Honiara fish market. Photo: Sarah Sutcliffe.

Sarah analysed articles from newspaper publications in 2016 from Australian and Solomon Island media outlets. She found that despite the significance of fisheries and food security to the lives of most Solomon Islanders, there were relatively few articles referencing either subject. Compared to 1651 articles about development and 394 articles about climate change, a mere 280 referenced fish and 68 food security. Only 21 articles, across four publications in an entire year, contained references to both, and only 14 drew a direct link between fisheries and food security.

Following this analysis, Sarah travelled to the Solomon Islands to conduct interviews with managers, researchers, NGO representatives and journalists to understand what strategies are utilised by fisheries agencies to communicate with the public, particularly through the media.

“By conducting interviews with these stakeholders, I was able to determine the context around media coverage and explore the mechanisms currently used to communicate to the public around the subject of fisheries and food security,” explained Sarah.

Key findings from Sarah’s stakeholder interviews included agreement that fisheries and food security and the connections between them were under-reported; a dominance of tuna coverage over that of small-scale fisheries prevails; recognition that coverage frequently lacks depth; acknowledgement that most Solomon Islanders in regional areas having limited access to newspapers; and, a real need for targeted on-ground local communication and media collaboration.

Most promising of Sarah’s research results was the feedback she received from journalists in the Solomon Islands. They were eager to publish more articles on the subject, wanted more information from agencies, and wanted to write more articles about ongoing work, rather than simply publishing responses to isolated issues and events as they arise.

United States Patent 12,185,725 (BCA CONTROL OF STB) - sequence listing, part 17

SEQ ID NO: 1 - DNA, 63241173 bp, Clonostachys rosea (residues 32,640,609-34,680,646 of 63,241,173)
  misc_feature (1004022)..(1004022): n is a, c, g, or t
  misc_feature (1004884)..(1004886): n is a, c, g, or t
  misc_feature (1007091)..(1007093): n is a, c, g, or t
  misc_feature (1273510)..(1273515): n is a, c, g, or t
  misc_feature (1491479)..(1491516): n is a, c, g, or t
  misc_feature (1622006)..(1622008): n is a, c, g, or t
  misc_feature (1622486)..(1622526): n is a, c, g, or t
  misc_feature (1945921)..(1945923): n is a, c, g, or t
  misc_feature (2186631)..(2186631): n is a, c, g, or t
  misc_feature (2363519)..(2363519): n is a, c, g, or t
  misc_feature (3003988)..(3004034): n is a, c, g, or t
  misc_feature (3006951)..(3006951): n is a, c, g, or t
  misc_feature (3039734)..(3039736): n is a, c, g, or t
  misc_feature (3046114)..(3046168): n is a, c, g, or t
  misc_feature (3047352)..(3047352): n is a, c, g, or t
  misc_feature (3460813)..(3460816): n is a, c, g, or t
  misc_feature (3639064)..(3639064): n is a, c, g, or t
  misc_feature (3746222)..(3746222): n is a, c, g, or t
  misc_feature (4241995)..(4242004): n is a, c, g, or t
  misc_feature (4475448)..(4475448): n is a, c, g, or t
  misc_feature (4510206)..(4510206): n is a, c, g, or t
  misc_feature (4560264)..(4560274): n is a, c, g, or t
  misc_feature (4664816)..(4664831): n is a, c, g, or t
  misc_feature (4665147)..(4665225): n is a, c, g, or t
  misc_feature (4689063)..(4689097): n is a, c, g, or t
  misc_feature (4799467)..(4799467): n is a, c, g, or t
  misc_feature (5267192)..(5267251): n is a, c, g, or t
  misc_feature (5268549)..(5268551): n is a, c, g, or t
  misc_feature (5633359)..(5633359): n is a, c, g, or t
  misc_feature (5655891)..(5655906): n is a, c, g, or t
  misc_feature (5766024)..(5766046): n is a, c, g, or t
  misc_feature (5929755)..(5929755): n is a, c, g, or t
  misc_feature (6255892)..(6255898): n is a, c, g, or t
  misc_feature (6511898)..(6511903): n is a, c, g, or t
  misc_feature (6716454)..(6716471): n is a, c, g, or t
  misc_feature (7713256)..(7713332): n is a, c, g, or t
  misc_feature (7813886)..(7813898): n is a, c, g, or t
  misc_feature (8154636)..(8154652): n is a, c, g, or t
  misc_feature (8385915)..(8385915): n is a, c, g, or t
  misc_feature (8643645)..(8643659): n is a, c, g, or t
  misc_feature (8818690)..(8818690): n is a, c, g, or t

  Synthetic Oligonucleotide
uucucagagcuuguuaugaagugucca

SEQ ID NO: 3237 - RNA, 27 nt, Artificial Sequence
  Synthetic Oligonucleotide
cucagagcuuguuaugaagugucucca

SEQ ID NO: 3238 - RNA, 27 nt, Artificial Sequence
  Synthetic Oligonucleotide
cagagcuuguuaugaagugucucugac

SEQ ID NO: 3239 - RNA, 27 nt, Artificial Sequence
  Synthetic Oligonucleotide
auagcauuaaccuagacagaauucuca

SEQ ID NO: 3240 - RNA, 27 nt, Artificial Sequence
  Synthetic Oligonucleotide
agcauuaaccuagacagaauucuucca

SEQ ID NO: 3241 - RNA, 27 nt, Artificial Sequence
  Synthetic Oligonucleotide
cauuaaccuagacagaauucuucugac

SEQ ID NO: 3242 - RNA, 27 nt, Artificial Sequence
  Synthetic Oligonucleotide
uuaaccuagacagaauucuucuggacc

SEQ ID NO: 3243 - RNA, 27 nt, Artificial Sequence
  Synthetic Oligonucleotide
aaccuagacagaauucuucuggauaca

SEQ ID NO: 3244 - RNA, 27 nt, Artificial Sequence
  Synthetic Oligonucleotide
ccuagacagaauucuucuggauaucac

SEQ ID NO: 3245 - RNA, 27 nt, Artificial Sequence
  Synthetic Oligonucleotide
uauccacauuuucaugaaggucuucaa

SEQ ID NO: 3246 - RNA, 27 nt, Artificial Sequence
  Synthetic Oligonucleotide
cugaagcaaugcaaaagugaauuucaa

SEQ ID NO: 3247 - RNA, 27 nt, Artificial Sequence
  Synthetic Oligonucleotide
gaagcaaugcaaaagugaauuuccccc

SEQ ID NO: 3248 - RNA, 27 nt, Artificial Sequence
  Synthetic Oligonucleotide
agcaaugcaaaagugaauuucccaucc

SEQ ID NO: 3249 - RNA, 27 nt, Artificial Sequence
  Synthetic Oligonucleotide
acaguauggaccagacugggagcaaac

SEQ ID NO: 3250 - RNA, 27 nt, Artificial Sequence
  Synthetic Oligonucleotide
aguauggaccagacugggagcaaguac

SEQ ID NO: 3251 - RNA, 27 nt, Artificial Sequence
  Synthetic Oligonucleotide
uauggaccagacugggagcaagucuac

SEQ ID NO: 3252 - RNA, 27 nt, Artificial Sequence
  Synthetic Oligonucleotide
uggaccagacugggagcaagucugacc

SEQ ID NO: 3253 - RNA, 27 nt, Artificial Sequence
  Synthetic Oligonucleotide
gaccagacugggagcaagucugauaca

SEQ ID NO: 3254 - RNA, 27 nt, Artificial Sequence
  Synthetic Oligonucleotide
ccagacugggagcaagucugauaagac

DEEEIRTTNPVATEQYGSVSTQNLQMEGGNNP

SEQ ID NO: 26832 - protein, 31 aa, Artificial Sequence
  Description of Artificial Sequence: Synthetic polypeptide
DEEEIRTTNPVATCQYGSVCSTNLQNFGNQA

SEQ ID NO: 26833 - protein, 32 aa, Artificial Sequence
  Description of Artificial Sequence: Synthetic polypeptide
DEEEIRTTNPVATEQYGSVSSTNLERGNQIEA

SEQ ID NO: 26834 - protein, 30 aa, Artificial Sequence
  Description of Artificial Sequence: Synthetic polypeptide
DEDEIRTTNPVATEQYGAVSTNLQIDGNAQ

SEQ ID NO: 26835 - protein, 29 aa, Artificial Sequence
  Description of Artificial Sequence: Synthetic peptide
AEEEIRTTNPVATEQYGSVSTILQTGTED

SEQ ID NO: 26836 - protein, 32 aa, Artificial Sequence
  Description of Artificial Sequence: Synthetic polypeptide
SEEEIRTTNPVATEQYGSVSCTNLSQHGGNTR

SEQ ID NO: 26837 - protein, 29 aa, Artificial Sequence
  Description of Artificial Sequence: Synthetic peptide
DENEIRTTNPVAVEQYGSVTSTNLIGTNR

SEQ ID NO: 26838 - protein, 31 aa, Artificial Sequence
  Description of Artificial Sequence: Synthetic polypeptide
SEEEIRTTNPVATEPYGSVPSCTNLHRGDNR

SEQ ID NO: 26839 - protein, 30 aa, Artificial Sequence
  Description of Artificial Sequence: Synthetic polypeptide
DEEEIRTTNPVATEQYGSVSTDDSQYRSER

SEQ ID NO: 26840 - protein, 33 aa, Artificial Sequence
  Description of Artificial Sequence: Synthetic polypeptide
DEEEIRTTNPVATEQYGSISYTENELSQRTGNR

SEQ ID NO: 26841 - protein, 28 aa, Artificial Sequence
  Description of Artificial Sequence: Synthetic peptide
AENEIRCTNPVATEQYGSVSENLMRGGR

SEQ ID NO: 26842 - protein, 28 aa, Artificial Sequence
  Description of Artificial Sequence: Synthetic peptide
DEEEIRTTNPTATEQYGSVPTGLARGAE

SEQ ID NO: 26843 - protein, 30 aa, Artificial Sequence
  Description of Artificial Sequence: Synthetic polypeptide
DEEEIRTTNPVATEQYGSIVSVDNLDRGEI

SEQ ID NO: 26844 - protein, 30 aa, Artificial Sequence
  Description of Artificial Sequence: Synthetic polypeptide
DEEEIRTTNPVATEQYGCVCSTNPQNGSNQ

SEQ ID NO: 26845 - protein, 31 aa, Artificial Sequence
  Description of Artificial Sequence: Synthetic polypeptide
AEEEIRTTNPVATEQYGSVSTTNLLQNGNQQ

Sarah’s research concluded that there is limited acknowledgment of the state of fisheries, and the threat of failure to meet food security requirements and more recognition is needed of the importance of managing for stable, climate change resilient fisheries and agriculture to ensure food security.

Specifically in relation to communication, Sarah found that there is a need for people working in fisheries and food security to ensure they better target affected people, both in terms of the content and the medium used; and, that there is potential for agencies to release more detailed information more often to allow for increased quantity and quality of media coverage.

Following her trip to the Solomon Islands, Sarah said, “I have a lot more confidence in my ability to work with in-country partners overseas, and in my ability to work independently. I also hope that my in-country interactions with managers, researchers and journalists further developed and cemented relationships between Solomon Island institutions and Queensland researchers, and will help to facilitate future collaborations.”

“I would like to sincerely thank the Crawford Fund, and specifically Crawford in Queensland, for their support this year.”